WSU Extension


Rose : Thrips
(revision date: 3/10/2017)

Thrips are tiny yellowish to dark insects that feed in flower and leaf buds. Damaged leaves may be distorted, while infested flower buds may be distorted if they open. Heavily infested flower buds may fail to open. Infested flowers have brown spots on the petals. Thrips on roses are mainly an aesthetic concern.
Management Options

Non-Chemical Management
  • Encourage natural predators such as ladybird beetle larvae and lacewing larvae which help control thrips populations.
  • Remove debris from around plants in fall to reduce numbers of overwintering adults.
Select non-chemical management options as your first choice!

Chemical Management

Thrips are difficult to control. Make spray applications directly into the flower bud or flower. Follow label instructions for products applied as a drench. Test a bud or flower to see if the chemical can be tolerated.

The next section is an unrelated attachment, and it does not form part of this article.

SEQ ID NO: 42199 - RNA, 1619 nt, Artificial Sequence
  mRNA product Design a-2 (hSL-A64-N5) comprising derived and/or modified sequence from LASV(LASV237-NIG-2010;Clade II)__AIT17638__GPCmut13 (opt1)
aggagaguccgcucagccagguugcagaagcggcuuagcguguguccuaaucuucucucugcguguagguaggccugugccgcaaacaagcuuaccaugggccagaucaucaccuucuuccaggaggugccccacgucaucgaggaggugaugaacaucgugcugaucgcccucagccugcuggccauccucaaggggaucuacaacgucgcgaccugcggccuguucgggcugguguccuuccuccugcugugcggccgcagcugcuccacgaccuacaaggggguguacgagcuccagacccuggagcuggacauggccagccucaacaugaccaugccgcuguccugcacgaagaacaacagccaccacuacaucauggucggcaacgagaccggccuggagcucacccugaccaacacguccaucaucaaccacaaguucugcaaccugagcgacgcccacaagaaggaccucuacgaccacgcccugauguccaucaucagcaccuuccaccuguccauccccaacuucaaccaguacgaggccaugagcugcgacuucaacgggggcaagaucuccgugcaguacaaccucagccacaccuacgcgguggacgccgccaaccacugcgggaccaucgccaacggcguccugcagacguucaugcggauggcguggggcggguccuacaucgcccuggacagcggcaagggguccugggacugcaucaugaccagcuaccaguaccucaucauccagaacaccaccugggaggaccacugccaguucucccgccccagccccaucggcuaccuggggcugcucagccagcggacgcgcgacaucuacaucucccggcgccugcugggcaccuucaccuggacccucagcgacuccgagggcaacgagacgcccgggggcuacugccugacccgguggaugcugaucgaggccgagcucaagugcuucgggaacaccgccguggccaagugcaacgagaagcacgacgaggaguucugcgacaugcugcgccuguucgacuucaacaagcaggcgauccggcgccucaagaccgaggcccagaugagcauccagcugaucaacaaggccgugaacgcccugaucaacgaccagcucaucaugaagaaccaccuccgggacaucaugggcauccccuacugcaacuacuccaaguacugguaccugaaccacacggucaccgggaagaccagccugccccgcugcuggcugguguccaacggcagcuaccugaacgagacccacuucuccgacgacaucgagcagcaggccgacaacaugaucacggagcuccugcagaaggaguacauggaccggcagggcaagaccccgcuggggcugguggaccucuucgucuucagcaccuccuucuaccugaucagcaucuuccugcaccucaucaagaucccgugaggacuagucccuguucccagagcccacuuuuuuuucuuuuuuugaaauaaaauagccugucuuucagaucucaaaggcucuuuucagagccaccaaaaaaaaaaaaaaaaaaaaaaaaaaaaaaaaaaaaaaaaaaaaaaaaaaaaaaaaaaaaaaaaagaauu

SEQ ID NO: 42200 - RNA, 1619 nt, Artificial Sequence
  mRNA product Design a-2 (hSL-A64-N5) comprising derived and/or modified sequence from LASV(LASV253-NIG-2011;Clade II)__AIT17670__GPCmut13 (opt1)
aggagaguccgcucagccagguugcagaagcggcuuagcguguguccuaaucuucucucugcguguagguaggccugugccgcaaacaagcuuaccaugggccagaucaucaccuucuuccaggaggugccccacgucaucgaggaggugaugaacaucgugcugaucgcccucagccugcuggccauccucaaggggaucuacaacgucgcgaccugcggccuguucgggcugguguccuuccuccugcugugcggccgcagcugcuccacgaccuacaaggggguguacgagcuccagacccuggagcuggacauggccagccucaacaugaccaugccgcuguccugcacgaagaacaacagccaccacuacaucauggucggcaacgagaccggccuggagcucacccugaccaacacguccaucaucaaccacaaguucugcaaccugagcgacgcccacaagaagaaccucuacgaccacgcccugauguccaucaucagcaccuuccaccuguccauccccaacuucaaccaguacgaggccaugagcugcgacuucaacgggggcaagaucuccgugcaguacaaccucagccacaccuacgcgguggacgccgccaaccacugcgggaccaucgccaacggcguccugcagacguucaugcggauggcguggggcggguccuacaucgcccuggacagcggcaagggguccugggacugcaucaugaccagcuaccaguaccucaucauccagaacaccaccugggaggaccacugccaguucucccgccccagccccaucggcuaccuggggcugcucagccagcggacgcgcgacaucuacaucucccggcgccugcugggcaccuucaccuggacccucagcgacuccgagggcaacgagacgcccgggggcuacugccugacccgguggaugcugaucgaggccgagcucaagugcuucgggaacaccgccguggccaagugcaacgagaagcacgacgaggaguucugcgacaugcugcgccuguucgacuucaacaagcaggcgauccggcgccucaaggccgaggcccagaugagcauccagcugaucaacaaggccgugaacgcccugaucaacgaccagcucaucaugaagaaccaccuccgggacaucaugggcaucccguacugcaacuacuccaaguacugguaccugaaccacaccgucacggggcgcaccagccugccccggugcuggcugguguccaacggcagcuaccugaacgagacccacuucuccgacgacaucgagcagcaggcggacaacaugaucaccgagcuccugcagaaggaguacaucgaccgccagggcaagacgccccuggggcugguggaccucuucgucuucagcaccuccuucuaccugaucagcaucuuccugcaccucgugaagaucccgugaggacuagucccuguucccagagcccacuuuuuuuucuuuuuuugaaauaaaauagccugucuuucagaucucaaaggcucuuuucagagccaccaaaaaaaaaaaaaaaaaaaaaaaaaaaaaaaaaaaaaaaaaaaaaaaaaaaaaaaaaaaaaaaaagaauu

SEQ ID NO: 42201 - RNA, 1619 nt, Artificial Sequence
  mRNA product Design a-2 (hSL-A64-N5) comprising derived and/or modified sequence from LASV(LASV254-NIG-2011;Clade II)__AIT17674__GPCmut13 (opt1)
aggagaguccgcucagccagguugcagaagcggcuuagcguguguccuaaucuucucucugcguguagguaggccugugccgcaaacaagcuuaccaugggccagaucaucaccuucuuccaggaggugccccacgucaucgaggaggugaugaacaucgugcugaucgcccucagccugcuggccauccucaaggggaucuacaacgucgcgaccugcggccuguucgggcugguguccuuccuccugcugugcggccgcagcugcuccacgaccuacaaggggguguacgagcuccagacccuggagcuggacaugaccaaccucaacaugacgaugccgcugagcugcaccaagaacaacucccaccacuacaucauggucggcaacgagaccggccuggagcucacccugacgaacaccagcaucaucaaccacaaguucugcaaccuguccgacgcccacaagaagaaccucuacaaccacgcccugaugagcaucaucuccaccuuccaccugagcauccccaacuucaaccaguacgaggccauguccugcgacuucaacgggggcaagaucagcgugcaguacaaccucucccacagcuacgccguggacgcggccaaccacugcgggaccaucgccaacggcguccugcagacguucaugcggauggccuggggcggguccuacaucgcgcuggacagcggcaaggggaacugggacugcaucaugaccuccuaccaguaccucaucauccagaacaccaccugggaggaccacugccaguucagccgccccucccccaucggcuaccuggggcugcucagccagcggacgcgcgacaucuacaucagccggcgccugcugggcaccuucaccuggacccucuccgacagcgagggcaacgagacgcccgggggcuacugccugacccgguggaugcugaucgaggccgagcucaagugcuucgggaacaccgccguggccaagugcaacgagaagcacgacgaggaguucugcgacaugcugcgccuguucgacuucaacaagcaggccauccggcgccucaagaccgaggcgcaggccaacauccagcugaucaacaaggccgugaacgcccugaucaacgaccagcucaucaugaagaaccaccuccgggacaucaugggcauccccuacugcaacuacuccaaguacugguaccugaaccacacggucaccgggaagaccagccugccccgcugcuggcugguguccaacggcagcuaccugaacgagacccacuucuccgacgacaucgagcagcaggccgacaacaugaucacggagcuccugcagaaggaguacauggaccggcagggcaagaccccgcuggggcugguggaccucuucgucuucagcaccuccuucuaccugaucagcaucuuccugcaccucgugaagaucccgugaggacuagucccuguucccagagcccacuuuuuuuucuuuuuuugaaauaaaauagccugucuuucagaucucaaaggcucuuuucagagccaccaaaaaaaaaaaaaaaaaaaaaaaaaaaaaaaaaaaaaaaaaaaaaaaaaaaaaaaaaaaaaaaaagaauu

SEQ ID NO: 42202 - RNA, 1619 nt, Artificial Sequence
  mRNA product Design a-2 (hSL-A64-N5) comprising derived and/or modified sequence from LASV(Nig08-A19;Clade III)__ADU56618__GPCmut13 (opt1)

Listed below are examples of pesticides that are legal in Washington. Always read and follow all label directions.
  • Bonide Captain Jack's Deadbug Brew R-T-U [Organic]
    Active ingredient: spinosad (spinosyn A+D)  |  EPA reg no: 4-472
  • Monterey Garden Insect Spray [Organic]
    Active ingredient: spinosad (spinosyn A+D)  |  EPA reg no: 62719-314-54705
  • Naturalis L
    Active ingredient: Beauveria bassiana  |  EPA reg no: 53871-9
  • This list may not include all products registered for this use.
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Caption: Thrips damage on basil
Photo by: A.L. Antonelli
Caption: Thrips damage on pea
Photo by: A.L. Antonelli
Caption: Thrips
Photo by: Unknown